Protecting Journalists Covering ProtestsRe Brake, 2019 NLCA 17 (CanLII)
Keywords: Freedom of the press, journalists, protests, aboriginal law, injunctions, contempt
In 2016, indigenous groups protested construction at Muskrat Falls, a hydroelectric project in Newfoundland and Labrador. Journalist Justin Brake was on site covering the protest. The main contractor, Nalcor Energy, obtained an ex parte injunction to end a blockade that had formed. Despite the injunction, the protests continued and grew larger. Nalcor obtained another ex parte order directing 22 protestors to appear in court to show cause why they should not be held in contempt for failing to comply with the injunction.
Mr. Brake filed an application to vacate the ex parte injunction order and the contempt appearance notice as they applied to him. He argued that his status as a journalist differentiated him from the other protesters and his presence at the protest site was solely to report on the activities. Nalcor should have disclosed these facts to the court and the failure to do so disentitles them to the relief they were seeking.
The applications judge dismissed Mr. Brake’s application. He concluded that Mr. Brake’s status as a working journalist was not a material fact and that, even if it was, he would in any event have declined to exercise his discretion to vacate the injunction and contempt appearance orders. The applications judge stated:
Mr. Brake did not have any special status in this case because of the fact he is a journalist. He was no more entitled to violate the Injunction Order by trespassing on the Muskrat Falls construction site than any non-journalists named in the Contempt Appearance Order who trespassed on the site. (para. 37)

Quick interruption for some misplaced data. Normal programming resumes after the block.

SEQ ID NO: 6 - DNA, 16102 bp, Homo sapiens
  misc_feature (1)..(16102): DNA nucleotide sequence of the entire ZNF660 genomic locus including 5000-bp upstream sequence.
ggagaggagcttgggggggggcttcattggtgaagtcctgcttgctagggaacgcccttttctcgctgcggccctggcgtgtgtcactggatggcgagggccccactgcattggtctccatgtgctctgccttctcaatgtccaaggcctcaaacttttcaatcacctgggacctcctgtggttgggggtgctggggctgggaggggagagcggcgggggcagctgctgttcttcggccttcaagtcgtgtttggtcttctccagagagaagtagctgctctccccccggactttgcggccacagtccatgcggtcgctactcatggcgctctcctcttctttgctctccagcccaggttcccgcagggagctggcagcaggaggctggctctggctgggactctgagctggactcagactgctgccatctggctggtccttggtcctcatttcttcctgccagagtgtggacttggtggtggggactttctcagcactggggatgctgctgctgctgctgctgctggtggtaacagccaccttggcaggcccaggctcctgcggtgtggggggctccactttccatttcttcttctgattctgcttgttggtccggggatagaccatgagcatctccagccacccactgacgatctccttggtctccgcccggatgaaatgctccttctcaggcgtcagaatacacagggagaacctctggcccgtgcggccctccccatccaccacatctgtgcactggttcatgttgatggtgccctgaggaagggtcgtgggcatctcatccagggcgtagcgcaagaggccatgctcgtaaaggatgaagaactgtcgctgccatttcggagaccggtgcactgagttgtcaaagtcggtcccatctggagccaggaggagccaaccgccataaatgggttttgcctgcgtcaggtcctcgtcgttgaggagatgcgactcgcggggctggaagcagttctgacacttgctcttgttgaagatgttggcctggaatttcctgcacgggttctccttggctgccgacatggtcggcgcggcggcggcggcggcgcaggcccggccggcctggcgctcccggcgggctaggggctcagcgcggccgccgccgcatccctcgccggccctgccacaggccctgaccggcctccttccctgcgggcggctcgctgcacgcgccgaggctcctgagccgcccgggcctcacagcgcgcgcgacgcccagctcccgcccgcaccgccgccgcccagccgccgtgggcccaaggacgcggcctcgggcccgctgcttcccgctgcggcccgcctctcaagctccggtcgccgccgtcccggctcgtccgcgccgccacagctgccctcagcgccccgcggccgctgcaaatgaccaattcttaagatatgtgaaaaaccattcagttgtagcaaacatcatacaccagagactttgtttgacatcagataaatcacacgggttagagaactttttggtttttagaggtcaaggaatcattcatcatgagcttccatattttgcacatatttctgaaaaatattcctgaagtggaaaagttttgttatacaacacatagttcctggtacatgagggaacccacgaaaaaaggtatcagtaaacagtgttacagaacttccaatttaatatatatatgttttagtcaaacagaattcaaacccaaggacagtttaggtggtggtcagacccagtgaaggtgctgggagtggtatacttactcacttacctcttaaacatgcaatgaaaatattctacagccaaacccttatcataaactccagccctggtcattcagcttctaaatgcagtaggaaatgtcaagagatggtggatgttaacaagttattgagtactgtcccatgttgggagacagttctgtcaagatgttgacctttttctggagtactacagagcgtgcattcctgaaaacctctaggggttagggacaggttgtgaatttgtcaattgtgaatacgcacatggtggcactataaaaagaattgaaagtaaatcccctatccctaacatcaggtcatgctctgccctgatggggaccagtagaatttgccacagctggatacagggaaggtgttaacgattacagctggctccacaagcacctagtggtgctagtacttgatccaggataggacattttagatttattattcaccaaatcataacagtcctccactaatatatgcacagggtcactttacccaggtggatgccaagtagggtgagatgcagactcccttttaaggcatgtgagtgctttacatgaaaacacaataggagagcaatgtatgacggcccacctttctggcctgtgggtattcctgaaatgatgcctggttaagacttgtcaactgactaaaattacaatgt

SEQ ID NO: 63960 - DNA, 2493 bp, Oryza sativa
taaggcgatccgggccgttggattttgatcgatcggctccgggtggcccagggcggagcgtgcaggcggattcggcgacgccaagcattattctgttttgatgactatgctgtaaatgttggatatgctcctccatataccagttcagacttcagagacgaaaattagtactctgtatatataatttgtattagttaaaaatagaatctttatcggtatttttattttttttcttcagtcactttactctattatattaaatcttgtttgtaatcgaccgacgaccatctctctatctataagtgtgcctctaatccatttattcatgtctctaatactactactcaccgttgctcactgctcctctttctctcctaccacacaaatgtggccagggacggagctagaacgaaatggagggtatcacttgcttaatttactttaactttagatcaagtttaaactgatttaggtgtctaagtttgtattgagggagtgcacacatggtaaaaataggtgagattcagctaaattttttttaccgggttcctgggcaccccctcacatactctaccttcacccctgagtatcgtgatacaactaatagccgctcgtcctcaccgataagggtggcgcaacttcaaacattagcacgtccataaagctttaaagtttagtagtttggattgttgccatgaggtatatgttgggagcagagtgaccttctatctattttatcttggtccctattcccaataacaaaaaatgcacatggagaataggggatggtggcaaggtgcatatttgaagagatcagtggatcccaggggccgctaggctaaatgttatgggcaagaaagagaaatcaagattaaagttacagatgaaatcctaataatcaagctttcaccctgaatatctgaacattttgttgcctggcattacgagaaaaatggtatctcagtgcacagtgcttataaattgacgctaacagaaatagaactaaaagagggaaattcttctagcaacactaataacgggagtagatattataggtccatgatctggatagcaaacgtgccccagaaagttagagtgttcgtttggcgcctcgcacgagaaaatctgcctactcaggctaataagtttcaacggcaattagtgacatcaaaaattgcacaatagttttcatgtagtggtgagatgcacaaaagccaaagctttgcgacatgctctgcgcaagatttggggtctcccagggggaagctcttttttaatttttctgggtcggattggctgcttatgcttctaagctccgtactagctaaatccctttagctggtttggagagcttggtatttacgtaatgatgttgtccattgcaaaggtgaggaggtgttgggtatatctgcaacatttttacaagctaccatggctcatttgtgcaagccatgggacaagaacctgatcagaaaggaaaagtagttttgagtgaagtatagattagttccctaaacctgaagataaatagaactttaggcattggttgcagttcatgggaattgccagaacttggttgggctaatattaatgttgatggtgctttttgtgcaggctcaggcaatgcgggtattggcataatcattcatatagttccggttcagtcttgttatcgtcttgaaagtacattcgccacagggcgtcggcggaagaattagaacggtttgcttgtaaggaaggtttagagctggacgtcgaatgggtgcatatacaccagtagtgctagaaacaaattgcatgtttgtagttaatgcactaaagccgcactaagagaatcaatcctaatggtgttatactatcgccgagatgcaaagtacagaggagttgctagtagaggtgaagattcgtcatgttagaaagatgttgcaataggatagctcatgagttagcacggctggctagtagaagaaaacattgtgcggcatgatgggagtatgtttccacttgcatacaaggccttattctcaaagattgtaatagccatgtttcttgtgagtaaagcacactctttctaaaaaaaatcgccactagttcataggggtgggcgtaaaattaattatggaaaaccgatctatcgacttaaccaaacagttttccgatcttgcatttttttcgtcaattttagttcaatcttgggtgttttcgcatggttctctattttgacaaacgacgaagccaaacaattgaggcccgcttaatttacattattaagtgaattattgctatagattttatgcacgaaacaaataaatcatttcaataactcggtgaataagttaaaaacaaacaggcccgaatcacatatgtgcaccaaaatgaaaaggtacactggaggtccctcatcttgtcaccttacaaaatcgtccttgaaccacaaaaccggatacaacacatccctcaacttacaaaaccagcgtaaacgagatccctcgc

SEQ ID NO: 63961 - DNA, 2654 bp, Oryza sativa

The Court of Appeal of Newfoundland and Labrador allowed the appeal and declared that Mr. Brake is not bound by the ex parte injunction or the contempt appearance notice. The Court found that it was an error to find Mr. Brake’s status as a journalist not material to the outcome of the application:
Mr. Brake’s role as a journalist reporting on an indigenous land protest was, in itself, a factor of such significance that, regardless of whether he can be regarded as having some technical legal or constitutional status or right as a journalist, it should have been taken into account when considering whether to grant leave to issue the contempt appearance notice. (para. 73)
Towards the end of 2018, the Supreme Court of Canada released its decision in R. v. Vice Media Canada Inc., 2018 SCC 53 which resulted in a reporter having to hand over his material about an accused terrorist. As much as that decision was seen as a blow for investigative journalism in Canada, the Re Brake decision will be seen as a positive for journalists covering protests.
Justice Green, writing for the Court of Appeal, begins his analysis with general reflections on the problems with the use of injunctions in mass protest cases. He cautions courts granting injunctions to ensure that they are not overly broad and to exercise restraint in allowing contempt applications to go forward: